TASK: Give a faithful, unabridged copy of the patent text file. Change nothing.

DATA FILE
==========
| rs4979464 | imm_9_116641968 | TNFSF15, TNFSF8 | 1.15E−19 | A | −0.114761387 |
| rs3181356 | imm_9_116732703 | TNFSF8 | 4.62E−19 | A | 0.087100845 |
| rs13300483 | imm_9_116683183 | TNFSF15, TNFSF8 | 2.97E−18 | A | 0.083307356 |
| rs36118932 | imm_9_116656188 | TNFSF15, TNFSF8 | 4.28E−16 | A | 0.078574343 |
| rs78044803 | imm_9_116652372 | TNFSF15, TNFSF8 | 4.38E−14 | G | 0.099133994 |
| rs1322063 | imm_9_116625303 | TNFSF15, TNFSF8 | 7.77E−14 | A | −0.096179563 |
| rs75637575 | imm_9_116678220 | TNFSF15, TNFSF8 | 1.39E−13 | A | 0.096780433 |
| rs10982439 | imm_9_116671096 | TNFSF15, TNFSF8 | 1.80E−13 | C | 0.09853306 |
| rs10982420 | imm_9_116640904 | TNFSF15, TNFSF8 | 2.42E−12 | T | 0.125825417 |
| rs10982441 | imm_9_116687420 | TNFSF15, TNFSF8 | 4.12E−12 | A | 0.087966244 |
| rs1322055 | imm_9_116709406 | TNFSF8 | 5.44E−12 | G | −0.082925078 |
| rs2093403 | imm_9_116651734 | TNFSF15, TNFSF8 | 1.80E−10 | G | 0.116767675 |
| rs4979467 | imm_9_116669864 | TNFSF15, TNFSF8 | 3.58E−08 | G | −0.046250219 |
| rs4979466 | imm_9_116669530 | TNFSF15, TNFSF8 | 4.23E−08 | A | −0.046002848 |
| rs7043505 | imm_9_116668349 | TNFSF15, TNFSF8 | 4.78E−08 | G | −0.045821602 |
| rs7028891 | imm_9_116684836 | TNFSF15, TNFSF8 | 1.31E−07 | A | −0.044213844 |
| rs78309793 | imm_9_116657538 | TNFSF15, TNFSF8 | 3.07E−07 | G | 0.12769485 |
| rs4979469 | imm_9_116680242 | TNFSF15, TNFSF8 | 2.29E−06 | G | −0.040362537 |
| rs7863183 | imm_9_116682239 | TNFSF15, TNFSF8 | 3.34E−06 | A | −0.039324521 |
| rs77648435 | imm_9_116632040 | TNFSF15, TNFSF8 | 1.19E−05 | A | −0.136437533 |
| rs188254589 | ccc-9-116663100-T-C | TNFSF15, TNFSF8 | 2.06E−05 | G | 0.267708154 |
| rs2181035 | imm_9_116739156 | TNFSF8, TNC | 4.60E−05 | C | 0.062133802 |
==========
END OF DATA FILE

| rs4979464 | imm_9_116641968 | TNFSF15, TNFSF8 | 1.15E−19 | A | −0.114761387 |
| rs3181356 | imm_9_116732703 | TNFSF8 | 4.62E−19 | A | 0.087100845 |
| rs13300483 | imm_9_116683183 | TNFSF15, TNFSF8 | 2.97E−18 | A | 0.083307356 |
| rs36118932 | imm_9_116656188 | TNFSF15, TNFSF8 | 4.28E−16 | A | 0.078574343 |
| rs78044803 | imm_9_116652372 | TNFSF15, TNFSF8 | 4.38E−14 | G | 0.099133994 |
| rs1322063 | imm_9_116625303 | TNFSF15, TNFSF8 | 7.77E−14 | A | −0.096179563 |
| rs75637575 | imm_9_116678220 | TNFSF15, TNFSF8 | 1.39E−13 | A | 0.096780433 |
| rs10982439 | imm_9_116671096 | TNFSF15, TNFSF8 | 1.80E−13 | C | 0.09853306 |
| rs10982420 | imm_9_116640904 | TNFSF15, TNFSF8 | 2.42E−12 | T | 0.125825417 |
| rs10982441 | imm_9_116687420 | TNFSF15, TNFSF8 | 4.12E−12 | A | 0.087966244 |
| rs1322055 | imm_9_116709406 | TNFSF8 | 5.44E−12 | G | −0.082925078 |
| rs2093403 | imm_9_116651734 | TNFSF15, TNFSF8 | 1.80E−10 | G | 0.116767675 |
| rs4979467 | imm_9_116669864 | TNFSF15, TNFSF8 | 3.58E−08 | G | −0.046250219 |
| rs4979466 | imm_9_116669530 | TNFSF15, TNFSF8 | 4.23E−08 | A | −0.046002848 |
| rs7043505 | imm_9_116668349 | TNFSF15, TNFSF8 | 4.78E−08 | G | −0.045821602 |
| rs7028891 | imm_9_116684836 | TNFSF15, TNFSF8 | 1.31E−07 | A | −0.044213844 |
| rs78309793 | imm_9_116657538 | TNFSF15, TNFSF8 | 3.07E−07 | G | 0.12769485 |
| rs4979469 | imm_9_116680242 | TNFSF15, TNFSF8 | 2.29E−06 | G | −0.040362537 |
| rs7863183 | imm_9_116682239 | TNFSF15, TNFSF8 | 3.34E−06 | A | −0.039324521 |
| rs77648435 | imm_9_116632040 | TNFSF15, TNFSF8 | 1.19E−05 | A | −0.136437533 |
| rs188254589 | ccc-9-116663100-T-C | TNFSF15, TNFSF8 | 2.06E−05 | G | 0.267708154 |
| rs2181035 | imm_9_116739156 | TNFSF8, TNC | 4.60E−05 | C | 0.062133802 |